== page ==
“This is the 10th anniversary of our organization and our ninth conference, and every previous conference had been held in downtown Atlanta,” GCCN Executive Director Donna E. Looper said. “But we have so many wonderful clinics around the state — like Bartow Health Access here in Cartersville — and people hate driving in Atlanta, so we decided to move the conference to Bartow County.”
From the keynote address by Georgia Attorney General Sam Olens to the final workshop, the question that lingered over the conference was, “How will the Affordable Care Act/Obamacare impact the charitable health networks?”
“I know you are shell-shocked about what happens in January 2014 when the Affordable Care Act is completely enacted,” Olens told the crowd. “I don’t know either.”
Olens said he doesn’t think much will happen on Jan. 1, except there will be “a lot more working poor.”
Better health care isn’t in the cards anytime soon, he said.
Mark Cruise, founder of Free Clinic Solutions in St. Petersburg, Fla., told the conference that it was up to the individual organizations to tackle problems like fewer people volunteering to help.
“Our donors, funders and volunteers have begun cutting funds and time because they think the ACA will solve the uninsured problem, but it won’t,” he said. “But, if the horse is already out of the barn, it’s best to saddle up. If we don’t find a way to fix this, we face a dismal future.”
But not everyone foresees such dismal times ahead.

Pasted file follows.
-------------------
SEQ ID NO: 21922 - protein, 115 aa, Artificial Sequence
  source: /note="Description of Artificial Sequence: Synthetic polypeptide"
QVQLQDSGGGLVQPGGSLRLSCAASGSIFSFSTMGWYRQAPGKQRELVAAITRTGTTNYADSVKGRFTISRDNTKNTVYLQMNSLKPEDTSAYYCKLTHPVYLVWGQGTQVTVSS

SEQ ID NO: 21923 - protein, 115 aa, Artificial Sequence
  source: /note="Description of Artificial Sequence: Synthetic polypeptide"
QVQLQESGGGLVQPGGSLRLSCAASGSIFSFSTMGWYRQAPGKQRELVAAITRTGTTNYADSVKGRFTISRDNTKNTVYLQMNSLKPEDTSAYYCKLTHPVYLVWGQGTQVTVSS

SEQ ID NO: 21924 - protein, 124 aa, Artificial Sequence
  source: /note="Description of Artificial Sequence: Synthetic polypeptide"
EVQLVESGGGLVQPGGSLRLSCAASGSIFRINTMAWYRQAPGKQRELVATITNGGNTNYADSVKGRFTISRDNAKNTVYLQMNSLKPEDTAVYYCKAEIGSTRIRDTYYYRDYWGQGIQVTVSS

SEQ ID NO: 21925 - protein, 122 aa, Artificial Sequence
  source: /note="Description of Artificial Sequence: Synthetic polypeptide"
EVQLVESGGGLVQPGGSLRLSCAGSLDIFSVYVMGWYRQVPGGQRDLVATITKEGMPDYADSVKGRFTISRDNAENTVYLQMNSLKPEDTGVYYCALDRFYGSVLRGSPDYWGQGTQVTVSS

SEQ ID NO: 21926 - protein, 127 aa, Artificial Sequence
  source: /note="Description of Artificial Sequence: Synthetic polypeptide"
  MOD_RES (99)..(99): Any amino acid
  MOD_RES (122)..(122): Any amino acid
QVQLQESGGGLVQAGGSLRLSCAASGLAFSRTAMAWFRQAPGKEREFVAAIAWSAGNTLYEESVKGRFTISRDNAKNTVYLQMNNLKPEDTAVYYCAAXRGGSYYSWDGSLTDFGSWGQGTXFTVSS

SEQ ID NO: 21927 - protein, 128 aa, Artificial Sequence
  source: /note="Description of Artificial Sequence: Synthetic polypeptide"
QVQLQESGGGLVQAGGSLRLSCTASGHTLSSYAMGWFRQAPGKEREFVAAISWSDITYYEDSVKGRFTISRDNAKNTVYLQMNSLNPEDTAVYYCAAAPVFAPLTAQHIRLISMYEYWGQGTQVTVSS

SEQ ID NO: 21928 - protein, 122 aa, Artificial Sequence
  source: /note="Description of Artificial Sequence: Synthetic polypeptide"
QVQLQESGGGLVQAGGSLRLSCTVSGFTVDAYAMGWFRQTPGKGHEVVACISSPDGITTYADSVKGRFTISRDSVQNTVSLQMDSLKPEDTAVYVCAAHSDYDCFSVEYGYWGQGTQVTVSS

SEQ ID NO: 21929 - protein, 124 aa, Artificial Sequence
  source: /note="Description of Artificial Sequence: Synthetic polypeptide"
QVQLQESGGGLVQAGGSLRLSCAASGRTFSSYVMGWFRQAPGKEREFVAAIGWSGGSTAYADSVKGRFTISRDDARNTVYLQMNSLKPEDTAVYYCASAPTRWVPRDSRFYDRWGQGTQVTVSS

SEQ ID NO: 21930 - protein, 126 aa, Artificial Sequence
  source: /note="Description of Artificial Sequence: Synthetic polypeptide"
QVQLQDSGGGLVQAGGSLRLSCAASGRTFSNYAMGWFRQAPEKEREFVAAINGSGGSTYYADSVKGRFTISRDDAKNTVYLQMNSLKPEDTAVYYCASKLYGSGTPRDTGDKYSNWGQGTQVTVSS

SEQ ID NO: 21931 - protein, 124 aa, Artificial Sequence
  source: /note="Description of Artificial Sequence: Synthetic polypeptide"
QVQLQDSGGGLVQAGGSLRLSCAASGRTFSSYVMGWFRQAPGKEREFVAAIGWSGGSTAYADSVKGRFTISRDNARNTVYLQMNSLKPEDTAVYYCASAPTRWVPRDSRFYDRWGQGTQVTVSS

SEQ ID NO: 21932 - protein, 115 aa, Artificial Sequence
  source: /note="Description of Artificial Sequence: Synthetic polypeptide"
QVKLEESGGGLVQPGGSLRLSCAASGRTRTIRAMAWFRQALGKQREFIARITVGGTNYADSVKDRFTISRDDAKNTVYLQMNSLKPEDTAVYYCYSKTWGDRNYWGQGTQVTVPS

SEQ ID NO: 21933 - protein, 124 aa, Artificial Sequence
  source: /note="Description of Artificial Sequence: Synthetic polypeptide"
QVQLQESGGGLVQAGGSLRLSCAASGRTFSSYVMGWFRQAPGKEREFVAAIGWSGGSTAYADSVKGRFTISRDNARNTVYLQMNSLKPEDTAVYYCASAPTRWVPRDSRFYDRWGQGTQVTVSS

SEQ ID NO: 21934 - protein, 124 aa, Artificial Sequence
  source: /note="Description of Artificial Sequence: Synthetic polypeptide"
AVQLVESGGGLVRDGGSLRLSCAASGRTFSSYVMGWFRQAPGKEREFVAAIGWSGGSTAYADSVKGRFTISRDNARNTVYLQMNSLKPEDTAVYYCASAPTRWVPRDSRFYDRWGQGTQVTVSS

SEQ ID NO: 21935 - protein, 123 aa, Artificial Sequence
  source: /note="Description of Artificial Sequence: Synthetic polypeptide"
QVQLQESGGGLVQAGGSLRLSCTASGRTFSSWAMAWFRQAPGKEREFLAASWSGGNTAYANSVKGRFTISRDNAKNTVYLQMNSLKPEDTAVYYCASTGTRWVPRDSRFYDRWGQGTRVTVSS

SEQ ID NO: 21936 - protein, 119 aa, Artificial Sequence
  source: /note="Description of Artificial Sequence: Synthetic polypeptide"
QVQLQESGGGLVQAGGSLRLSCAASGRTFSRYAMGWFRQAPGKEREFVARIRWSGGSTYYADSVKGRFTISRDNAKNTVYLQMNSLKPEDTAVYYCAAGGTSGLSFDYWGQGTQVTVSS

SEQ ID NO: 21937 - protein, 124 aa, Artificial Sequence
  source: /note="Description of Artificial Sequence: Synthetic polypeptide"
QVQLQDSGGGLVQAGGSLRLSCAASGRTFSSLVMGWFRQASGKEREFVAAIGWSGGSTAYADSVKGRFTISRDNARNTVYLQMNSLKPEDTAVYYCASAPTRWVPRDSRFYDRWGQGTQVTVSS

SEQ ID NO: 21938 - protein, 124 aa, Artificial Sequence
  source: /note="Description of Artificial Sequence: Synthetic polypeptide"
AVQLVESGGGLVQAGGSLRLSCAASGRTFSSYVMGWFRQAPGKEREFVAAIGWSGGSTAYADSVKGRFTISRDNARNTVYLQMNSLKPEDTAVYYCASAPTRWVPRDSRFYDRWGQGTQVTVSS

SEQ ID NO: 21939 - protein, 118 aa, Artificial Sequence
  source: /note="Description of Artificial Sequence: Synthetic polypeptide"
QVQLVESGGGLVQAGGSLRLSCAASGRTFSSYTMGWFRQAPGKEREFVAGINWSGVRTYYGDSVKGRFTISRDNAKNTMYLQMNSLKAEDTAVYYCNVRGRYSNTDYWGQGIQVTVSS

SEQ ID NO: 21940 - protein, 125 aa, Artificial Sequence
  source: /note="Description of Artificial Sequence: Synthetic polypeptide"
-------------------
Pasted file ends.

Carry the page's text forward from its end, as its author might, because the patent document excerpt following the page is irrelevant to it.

“Charitable clinics have long been known for providing a safety net for people who do not have insurance,” Roberta Green, Executive Director of Bartow Health Advocates (BHA), said. “Bartow Health Advocates has been providing health care for a long time, but as we begin implementing parts of the Affordable Care Act, there’s a lot of uncertainty about what’s going to happen. We’re trying to prepare ourselves to best provide services for our community so that people don’t go without health care.”
Green said BHA, which recently transitioned to a primary health care home, will treat more than 5,000 patients in 2013, twice as many seen in 2012 when it was basically a referral agency — working with doctors in the community to provide health care.
“Our new Louis B. Tonsmeire Clinic will be fully staffed with a full-time medical director, a family practice physician and a part-time nurse practitioner,” she said.
Green added that the most important thing charitable clinics can do is be aware of “what’s going on, what’s being funded, what’s not being funded and that sort of thing, so that they can communicate what’s actually happening and where the need is. The general public believes the ACA has done everything for them and it hasn’t. It’s very important for us to really be knowledgeable because we have to take that knowledge back to our communities.”
On Thursday night, conference attendees toured BHA’s new facilities at 31 Pointe North Drive in Cartersville. The conference continues through noon today.